Kyla Walker ’22
I chose to study English because I'm fascinated by the way we use stories to feel, think and learn about others as much as ourselves. Reading and writing have always been great passions of mine and to be able to share my literary and creative interests with other students has been so uplifting.
The English Department at Pomona has far exceeded my expectations through amazing courses and conversations. The professors and the students constantly challenge each other to ask questions that allow us to find out why we think the way we do and how the power of words can be used to provoke something deep inside of us. It is a very supportive major and everybody truly wants to help each other improve their writing and analyses!
Last summer, I worked in the English Department as a research assistant to my advisor Professor Jonathan Lethem and had the best experience. I was given the opportunity to help edit his novel manuscripts, compile music playlists, and conduct research for a developing article on a science fiction writer.
There is so much freedom and possibilities given to English majors. The professors are very accommodating in terms of tailoring to students' interests and curiosities so just ask lots of questions, and also, take a Creative Writing class!
Hayeon Lee ’23
From a young age, I have always been deeply passionate about writing, reading and editing. I was that awkward middle schooler that was always carrying around a book or typing away in Google Docs during lunch. Now, as a college student, you could always catch me helping my STEM friends edit their lab reports, parsing through legalese documents in internships or geeking out about video game lore. Whether it be learning new languages such as Japanese or honing languages I am familiar with, such as English or Korean, I am always seeking to understand better how people communicate with one another through the art of writing. I sincerely believe in the concept that words hold weight, and it is crucial to understand how to mold these words into ideas. Ultimately when deciding my major, I wanted to choose a major that would allow me to do those activities daily: a major where I could keep reading, keep writing, and keep receiving feedback. When asking my mentors and looking at the classes I enjoyed, it was pretty clear that my track as an undergraduate student would lie within the English Department.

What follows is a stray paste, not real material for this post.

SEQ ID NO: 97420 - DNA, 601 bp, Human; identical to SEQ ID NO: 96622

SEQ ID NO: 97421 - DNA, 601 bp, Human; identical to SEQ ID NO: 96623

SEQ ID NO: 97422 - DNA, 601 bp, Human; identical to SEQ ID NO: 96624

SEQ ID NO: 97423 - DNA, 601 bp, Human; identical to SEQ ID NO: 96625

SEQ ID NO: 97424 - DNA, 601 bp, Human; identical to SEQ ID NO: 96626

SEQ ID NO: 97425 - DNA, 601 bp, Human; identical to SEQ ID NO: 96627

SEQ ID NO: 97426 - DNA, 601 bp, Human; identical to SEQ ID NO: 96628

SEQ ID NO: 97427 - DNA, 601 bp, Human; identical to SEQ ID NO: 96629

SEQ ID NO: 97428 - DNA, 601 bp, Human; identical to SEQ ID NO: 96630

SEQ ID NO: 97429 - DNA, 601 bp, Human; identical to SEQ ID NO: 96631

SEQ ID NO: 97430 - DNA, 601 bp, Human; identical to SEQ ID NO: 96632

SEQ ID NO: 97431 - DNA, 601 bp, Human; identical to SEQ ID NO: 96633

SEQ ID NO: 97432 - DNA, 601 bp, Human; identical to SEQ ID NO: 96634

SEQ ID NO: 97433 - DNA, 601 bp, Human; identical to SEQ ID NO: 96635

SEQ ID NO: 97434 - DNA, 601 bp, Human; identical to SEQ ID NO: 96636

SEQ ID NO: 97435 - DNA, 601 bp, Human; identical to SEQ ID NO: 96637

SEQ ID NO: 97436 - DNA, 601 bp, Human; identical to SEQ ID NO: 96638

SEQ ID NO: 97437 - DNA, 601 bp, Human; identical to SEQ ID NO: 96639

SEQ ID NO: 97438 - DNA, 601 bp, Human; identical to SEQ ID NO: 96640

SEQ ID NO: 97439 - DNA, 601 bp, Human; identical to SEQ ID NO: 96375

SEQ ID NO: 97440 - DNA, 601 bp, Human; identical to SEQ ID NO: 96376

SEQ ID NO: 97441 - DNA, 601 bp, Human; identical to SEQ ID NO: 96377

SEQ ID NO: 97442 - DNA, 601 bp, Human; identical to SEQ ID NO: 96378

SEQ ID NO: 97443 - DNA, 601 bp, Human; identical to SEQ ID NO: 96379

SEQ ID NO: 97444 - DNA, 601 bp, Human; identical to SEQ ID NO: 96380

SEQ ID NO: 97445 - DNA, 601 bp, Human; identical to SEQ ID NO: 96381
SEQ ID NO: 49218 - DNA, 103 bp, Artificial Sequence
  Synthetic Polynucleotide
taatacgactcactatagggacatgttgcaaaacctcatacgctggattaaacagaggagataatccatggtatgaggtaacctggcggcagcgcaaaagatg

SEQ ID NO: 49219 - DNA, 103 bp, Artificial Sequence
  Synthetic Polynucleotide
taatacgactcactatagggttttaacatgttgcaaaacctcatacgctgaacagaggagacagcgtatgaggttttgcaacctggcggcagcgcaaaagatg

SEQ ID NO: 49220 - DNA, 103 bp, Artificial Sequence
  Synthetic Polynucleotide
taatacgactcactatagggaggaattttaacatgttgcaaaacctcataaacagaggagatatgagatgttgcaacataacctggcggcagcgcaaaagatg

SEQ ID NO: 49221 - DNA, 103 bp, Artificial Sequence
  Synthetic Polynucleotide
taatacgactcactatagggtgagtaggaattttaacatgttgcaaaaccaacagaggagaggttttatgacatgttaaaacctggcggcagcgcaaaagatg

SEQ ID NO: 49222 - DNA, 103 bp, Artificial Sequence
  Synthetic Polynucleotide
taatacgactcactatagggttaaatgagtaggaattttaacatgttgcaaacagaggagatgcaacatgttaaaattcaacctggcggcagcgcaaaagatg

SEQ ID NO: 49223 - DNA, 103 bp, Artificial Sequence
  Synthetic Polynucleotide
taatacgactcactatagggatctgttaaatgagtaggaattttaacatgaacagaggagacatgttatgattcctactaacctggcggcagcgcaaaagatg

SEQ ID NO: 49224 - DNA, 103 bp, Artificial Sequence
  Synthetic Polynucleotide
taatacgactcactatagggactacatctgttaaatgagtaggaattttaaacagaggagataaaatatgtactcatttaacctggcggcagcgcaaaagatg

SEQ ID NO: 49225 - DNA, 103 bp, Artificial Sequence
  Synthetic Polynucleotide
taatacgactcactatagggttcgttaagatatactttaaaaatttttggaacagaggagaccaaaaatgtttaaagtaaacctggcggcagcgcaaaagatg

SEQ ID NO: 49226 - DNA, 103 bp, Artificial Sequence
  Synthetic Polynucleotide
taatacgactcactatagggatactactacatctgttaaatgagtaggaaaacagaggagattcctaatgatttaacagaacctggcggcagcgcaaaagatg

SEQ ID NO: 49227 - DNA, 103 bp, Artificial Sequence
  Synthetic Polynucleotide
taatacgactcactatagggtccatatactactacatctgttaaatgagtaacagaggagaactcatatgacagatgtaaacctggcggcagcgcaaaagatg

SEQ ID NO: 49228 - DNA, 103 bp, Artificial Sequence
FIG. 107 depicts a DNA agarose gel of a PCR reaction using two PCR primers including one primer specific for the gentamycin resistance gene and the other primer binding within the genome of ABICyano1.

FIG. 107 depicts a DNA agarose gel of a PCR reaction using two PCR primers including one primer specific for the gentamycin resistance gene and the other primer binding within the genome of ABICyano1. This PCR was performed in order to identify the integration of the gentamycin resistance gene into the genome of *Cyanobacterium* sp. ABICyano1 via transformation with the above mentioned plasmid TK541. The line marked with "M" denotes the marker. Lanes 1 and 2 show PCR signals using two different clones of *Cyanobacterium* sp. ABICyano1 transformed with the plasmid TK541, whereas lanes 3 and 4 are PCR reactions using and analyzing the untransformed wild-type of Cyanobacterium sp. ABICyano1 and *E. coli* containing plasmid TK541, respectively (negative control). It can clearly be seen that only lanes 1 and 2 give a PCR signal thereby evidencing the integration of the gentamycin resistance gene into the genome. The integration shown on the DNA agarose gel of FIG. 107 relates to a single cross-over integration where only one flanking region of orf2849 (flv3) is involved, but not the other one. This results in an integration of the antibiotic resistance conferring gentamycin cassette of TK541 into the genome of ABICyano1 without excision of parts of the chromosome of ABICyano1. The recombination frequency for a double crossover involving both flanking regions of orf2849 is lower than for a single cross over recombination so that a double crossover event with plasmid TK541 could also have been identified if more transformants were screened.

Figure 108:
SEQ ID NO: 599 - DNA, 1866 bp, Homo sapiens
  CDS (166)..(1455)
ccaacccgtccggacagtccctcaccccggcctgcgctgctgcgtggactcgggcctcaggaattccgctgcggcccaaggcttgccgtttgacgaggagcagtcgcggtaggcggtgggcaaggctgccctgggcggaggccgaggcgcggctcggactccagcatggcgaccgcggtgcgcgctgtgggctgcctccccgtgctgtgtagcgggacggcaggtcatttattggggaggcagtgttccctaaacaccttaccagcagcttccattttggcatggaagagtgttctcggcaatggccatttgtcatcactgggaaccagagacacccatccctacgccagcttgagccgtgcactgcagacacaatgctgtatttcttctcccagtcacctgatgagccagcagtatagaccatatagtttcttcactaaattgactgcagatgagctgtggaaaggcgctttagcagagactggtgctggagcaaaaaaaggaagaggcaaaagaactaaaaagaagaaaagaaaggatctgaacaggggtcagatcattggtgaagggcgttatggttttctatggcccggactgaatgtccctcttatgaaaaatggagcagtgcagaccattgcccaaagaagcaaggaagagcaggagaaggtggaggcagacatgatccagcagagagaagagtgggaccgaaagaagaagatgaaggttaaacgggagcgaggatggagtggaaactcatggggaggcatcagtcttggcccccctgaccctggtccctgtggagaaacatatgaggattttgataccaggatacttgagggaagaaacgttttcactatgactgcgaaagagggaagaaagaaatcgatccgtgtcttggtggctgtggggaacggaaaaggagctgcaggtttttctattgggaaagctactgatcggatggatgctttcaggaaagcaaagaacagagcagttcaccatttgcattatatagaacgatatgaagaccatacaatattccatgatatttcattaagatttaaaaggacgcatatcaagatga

As an English major, I am not limited to one track, whether it be medical school or graduate school. Through the myriad of my English classes, I am continually developing my writing skills, articulating my ideas in a group setting, and sharpening my analytical thinking, which can apply and necessary to so many professional fields. In addition, English is a subject that requires a level of vulnerability. As an introvert, I am not naturally inclined to voice my opinion to a large group of people. However, all my English professors have always fostered a classroom environment where one would feel comfortable to put oneself and their ideas out in classes. Currently, I am in Professor Colleen Rosenfeld’s Idea of a Renaissance class and Professor Prageeta Sharma’s Creative Writing: Poetry class. Both are such amazing professors; the discussion that happens with my peers, whether they are major or non-major students, always has me thinking beyond the boundaries of the classroom.
This past summer, I had the opportunity to work two internships: one as a communications intern for the National Council for Community and Education Partnerships and another as a teaching assistant for PAYS. As a first-generation, low-income immigrant student, one of my life goals is to give back to the community I had grown from. Both of these internships were chances to not only exercise my skills in English and politics but engage in grassroots activism and action in the first-generation, low-income student community. Although my internships involved vastly different things, I firmly believe that my majors prepared me to take on all the challenges my internships threw in my way. Whether it be editing college admissions essays or creating marketing toolkits, my knowledge of English and politics always came in handy. I found that many of my coworkers began relying on me due to my skills in close editing and peer review. I am excited to continue my journey with PAYS this summer and continue to work with talented and inspiring PAYS students.
As a FLI (first-generation/low-income) immigrant scholar, I want to reach out to anybody with the same background as me. There may be times where the imposter syndrome kicks in, or you may feel like societal expectations are built against your success, but know that your words are always valid, you are intelligent, and you belong in the space you inhabit.